What Lecigon is and what it is used for
Lecigon is used to treat Parkinson’s disease. It is used in severe illness when oral drugs (drugs taken by mouth) have not given sufficient effect.
Lecigon is a gel for continuous supply that is given through a pump and a probe (tube) directly into the small intestine. Lecigon contains three active substances:
How Lecigon works
In Parkinson’s disease, the levels of the substance dopamine in the brain are low. levodopa is converted to dopamine in the brain, thus relieving the symptoms of Parkinson’s disease. carbidopa and entacapone improve the effect of levodopa on Parkinson’s disease.
levodopa / carbidopa monohydrate/entacapone contained in Lecigon may also be approved for the treatment of other conditions not mentioned in this product information. Ask your doctor, pharmacist, or other healthcare professional if you have any further questions, and always follow their instructions.
What you need to know before using Lecigon
Do not use Lecigon if you:
- is allergic to levodopa , carbidopa, entacapone or any of the other ingredients of this medicine (listed in section 6).
- have an eye disease called narrow-angle glaucoma (a type of glaucoma that is acute ).
- have severe heart failure .
- have severe cardiac arrhythmia (irregular heartbeat).
- recently had a stroke .
- have a serious liver disease.
- take certain antidepressants, so-called selective MAO-A inhibitors (such as moclobemide) and non-selective MAO inhibitors (such as phenelzine). Treatment with these drugs must be stopped at least two weeks before starting treatment with Lecigon. See also section “Other medicines and Lecigon”.
- have pheochromocytoma ( tumor of the adrenal gland that leads to overproduction of adrenaline and norepinephrine ).
- have Cushing’s syndrome (overproduction of cortisol ).
- have hyperthyroidism (overproduction of thyroid hormone).
- previously suffered from malignant neuroleptic syndrome (a severe, rare, reaction that may occur during treatment or discontinuation of certain drugs).
- previously afflicted with rhabdomyolysis (a serious, rare, muscular disease with renal impairment). have previously had skin cancer, or if you have any abnormal birthmarks or rashes on the skin that have not been examined by a doctor.
Warnings and cautions
Talk to your doctor before using Lecigon if you have or have had:
- heart attack or other cardiovascular disease including angina and irregular heartbeat.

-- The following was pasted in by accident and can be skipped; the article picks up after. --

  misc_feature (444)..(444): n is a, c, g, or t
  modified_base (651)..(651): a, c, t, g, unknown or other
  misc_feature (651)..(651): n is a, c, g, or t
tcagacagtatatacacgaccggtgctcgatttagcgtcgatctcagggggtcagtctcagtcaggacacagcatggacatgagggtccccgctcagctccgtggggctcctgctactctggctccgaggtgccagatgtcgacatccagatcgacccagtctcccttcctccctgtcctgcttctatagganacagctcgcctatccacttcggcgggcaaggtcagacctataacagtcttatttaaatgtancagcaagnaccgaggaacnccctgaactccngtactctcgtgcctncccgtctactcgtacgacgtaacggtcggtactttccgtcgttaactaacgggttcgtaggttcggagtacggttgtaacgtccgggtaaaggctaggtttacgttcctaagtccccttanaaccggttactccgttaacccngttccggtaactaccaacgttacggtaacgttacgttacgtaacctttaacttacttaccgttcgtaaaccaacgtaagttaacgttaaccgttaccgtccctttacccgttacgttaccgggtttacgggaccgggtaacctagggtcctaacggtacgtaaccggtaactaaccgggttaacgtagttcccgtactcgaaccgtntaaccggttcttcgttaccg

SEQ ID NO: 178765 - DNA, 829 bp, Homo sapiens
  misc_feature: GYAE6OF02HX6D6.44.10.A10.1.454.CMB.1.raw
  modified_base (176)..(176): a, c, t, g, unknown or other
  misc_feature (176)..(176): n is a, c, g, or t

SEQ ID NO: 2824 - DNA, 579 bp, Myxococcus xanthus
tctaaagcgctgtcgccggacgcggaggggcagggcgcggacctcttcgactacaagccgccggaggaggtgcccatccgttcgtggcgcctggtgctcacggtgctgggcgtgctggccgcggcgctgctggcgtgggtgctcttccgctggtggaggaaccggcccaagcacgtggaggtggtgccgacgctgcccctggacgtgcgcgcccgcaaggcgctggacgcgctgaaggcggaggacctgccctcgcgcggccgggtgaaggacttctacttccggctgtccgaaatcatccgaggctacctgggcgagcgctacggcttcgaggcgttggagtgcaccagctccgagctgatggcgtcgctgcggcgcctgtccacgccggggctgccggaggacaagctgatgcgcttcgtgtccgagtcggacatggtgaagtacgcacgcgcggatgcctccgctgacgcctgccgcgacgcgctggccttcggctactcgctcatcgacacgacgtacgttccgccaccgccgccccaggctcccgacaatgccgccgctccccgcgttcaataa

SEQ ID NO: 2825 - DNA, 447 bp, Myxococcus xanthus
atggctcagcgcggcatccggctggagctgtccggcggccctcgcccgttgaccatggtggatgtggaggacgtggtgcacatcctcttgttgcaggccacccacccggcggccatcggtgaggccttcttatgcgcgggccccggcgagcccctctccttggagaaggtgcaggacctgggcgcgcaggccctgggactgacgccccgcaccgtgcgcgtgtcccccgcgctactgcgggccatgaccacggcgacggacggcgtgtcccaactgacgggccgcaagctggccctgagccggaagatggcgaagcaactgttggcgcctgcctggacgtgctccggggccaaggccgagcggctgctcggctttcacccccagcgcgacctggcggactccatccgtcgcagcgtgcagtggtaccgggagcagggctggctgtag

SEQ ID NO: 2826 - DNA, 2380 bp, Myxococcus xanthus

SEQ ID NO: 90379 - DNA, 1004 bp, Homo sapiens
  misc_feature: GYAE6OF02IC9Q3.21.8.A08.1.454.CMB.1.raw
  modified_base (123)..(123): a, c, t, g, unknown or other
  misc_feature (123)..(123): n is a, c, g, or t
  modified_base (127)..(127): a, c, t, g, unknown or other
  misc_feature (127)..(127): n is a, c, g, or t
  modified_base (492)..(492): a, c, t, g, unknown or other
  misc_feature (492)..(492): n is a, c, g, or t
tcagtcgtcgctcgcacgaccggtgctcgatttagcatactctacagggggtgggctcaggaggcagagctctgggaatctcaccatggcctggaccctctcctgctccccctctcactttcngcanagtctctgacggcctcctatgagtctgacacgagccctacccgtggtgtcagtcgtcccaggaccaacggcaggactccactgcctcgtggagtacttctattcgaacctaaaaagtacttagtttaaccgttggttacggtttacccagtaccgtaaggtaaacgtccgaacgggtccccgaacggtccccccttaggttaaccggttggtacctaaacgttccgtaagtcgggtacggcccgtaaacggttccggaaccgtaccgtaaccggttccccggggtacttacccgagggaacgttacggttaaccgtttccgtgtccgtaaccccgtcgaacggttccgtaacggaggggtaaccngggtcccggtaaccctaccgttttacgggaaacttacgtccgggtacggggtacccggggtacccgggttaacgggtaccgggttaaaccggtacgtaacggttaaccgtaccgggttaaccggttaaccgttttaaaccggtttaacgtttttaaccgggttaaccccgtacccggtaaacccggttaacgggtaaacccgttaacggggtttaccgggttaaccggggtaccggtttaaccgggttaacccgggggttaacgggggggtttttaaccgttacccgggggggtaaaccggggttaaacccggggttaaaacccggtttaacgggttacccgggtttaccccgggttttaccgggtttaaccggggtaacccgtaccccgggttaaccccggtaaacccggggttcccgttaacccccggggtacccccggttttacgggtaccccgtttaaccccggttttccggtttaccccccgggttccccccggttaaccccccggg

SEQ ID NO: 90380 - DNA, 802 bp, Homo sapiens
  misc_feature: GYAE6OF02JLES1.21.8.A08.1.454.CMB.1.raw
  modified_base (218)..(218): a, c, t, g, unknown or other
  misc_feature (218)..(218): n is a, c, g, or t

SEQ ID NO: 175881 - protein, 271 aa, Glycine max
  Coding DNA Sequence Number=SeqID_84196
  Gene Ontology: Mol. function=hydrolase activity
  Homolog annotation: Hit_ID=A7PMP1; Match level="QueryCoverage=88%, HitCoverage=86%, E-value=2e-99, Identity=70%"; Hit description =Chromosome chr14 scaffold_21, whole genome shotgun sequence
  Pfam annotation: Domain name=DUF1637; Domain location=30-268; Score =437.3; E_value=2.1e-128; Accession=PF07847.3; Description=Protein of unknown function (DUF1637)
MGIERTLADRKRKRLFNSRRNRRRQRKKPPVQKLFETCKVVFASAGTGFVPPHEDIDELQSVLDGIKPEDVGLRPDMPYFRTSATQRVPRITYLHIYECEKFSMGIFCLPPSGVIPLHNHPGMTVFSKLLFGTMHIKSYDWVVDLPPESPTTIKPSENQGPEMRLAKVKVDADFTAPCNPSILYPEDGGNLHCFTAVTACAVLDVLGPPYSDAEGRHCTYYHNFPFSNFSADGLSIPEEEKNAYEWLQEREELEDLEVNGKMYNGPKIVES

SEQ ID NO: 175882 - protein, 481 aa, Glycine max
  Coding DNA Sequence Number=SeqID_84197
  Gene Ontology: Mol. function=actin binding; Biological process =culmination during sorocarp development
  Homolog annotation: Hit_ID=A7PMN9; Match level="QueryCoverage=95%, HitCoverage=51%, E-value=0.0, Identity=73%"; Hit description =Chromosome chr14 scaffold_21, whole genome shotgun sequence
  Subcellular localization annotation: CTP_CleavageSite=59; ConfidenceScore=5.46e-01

- asthma or other lung disease.
- kidney or liver disease.
- hormonal disease.
- stomach ulcer .
- severe mental illness, such as psychosis .
- an eye disease called wide-angle glaucoma (a type of glaucoma ).
- underwent surgery in the upper abdomen.
Contact a doctor immediately if you get any of the following symptoms during treatment with Lecigon:
- Malignant neuroleptic syndrome:A severe condition with a combination of muscle stiffness, cramps, tremors, sweating, fever, rapid pulse , sharp blood pressure fluctuations, extravagant behavior, confusion, unconsciousness.
- Rhabdomyolysis: A severe condition with unexplained muscle pain, muscle cramps or muscle weakness. Rhabdomyolysis can be caused by malignant neuroleptic syndrome.
- For more information on malignant neuroleptic syndrome and rhabdomyolysis , see section 3 “If you stop using Lecigon or lower your dose” and section 4 “Possible side effects”.
- Problems from the probe or operation:Stomach pain, nausea or vomiting. This may be due to serious problems caused by the probe or surgery e.g. blockages, ulcers or injuries in the intestine.
Talk to your doctor if you are being treated with Lecigon:
- feeling depressed , having suicidal thoughts or noticing other mental changes .
- Detects abnormal birthmarks or rashes on the skin that you have not seen before or that have changed.
- get involuntary movements ( dyskinesia ). If you have not been treated with entacapone before (one of the active substances in Lecigon), the symptoms may be due to the fact that entacapone enhances the effect of levodopa and carbidopa (active substances that are also included in Lecigon). Your doctor may need to reduce your dose .
- experience that the effect of the treatment suddenly or gradually deteriorates , e.g. that you have difficulty moving / slow movements ( bradykinesia ). This may be because the probe has jumped out of position in the small intestine, it has become clogged or the pump is not working properly.
- gets diarrhea . Your weight may need to be monitored to avoid any significant weight loss or treatment may need to be stopped. Prolonged or persistent diarrhea can be a sign of inflammation in the intestine and your doctor will then need to review your treatment with Lecigon.
- experiences loss of appetite that worsens over time, weakness and weight loss within a short period of time. A general medical examination including examination of liver function may be needed.
In case of impaired ability to handle the pump and probe, you must seek the help of a healthcare provider (eg nurse, health care assistant, or relative) to avoid complications (problems).
Disrupted impulse control – changes in your behavior